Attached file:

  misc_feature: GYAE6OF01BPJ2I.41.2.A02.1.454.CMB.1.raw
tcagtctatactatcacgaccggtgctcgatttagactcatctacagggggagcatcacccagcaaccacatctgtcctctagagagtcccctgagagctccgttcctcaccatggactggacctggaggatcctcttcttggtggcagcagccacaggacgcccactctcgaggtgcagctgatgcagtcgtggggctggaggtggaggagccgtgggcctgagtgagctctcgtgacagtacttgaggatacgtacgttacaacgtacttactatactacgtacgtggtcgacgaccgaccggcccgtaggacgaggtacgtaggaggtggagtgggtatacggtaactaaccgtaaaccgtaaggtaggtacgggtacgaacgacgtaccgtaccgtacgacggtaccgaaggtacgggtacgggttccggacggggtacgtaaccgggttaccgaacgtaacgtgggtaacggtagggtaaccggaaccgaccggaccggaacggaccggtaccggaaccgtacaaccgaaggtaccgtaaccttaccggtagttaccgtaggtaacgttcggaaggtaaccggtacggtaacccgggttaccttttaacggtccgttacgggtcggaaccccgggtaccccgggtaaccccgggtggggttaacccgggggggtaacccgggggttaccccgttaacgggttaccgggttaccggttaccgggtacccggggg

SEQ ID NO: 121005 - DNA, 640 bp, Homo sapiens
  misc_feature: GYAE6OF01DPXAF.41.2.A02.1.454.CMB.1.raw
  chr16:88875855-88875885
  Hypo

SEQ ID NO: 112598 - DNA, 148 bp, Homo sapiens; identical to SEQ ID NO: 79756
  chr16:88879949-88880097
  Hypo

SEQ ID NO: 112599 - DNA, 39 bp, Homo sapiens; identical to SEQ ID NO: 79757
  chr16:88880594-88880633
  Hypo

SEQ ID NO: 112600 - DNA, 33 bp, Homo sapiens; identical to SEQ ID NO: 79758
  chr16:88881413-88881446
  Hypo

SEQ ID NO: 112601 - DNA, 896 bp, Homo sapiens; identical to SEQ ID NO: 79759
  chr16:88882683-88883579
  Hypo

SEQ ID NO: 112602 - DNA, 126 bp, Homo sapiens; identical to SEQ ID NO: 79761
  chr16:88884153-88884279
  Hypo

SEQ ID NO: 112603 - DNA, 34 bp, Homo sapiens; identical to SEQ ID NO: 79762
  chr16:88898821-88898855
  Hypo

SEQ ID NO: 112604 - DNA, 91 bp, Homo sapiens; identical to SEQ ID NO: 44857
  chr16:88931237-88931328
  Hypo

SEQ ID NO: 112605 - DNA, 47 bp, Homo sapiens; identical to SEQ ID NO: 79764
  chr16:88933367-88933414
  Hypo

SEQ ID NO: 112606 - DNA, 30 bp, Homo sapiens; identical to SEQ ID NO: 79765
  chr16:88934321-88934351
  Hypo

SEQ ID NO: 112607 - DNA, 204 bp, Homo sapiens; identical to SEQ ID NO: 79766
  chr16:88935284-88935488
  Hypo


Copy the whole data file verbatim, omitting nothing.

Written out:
  misc_feature: GYAE6OF01BPJ2I.41.2.A02.1.454.CMB.1.raw
tcagtctatactatcacgaccggtgctcgatttagactcatctacagggggagcatcacccagcaaccacatctgtcctctagagagtcccctgagagctccgttcctcaccatggactggacctggaggatcctcttcttggtggcagcagccacaggacgcccactctcgaggtgcagctgatgcagtcgtggggctggaggtggaggagccgtgggcctgagtgagctctcgtgacagtacttgaggatacgtacgttacaacgtacttactatactacgtacgtggtcgacgaccgaccggcccgtaggacgaggtacgtaggaggtggagtgggtatacggtaactaaccgtaaaccgtaaggtaggtacgggtacgaacgacgtaccgtaccgtacgacggtaccgaaggtacgggtacgggttccggacggggtacgtaaccgggttaccgaacgtaacgtgggtaacggtagggtaaccggaaccgaccggaccggaacggaccggtaccggaaccgtacaaccgaaggtaccgtaaccttaccggtagttaccgtaggtaacgttcggaaggtaaccggtacggtaacccgggttaccttttaacggtccgttacgggtcggaaccccgggtaccccgggtaaccccgggtggggttaacccgggggggtaacccgggggttaccccgttaacgggttaccgggttaccggttaccgggtacccggggg

SEQ ID NO: 121005 - DNA, 640 bp, Homo sapiens
  misc_feature: GYAE6OF01DPXAF.41.2.A02.1.454.CMB.1.raw
  chr16:88875855-88875885
  Hypo

SEQ ID NO: 112598 - DNA, 148 bp, Homo sapiens; identical to SEQ ID NO: 79756
  chr16:88879949-88880097
  Hypo

SEQ ID NO: 112599 - DNA, 39 bp, Homo sapiens; identical to SEQ ID NO: 79757
  chr16:88880594-88880633
  Hypo

SEQ ID NO: 112600 - DNA, 33 bp, Homo sapiens; identical to SEQ ID NO: 79758
  chr16:88881413-88881446
  Hypo

SEQ ID NO: 112601 - DNA, 896 bp, Homo sapiens; identical to SEQ ID NO: 79759
  chr16:88882683-88883579
  Hypo

SEQ ID NO: 112602 - DNA, 126 bp, Homo sapiens; identical to SEQ ID NO: 79761
  chr16:88884153-88884279
  Hypo

SEQ ID NO: 112603 - DNA, 34 bp, Homo sapiens; identical to SEQ ID NO: 79762
  chr16:88898821-88898855
  Hypo

SEQ ID NO: 112604 - DNA, 91 bp, Homo sapiens; identical to SEQ ID NO: 44857
  chr16:88931237-88931328
  Hypo

SEQ ID NO: 112605 - DNA, 47 bp, Homo sapiens; identical to SEQ ID NO: 79764
  chr16:88933367-88933414
  Hypo

SEQ ID NO: 112606 - DNA, 30 bp, Homo sapiens; identical to SEQ ID NO: 79765
  chr16:88934321-88934351
  Hypo

SEQ ID NO: 112607 - DNA, 204 bp, Homo sapiens; identical to SEQ ID NO: 79766
  chr16:88935284-88935488
  Hypo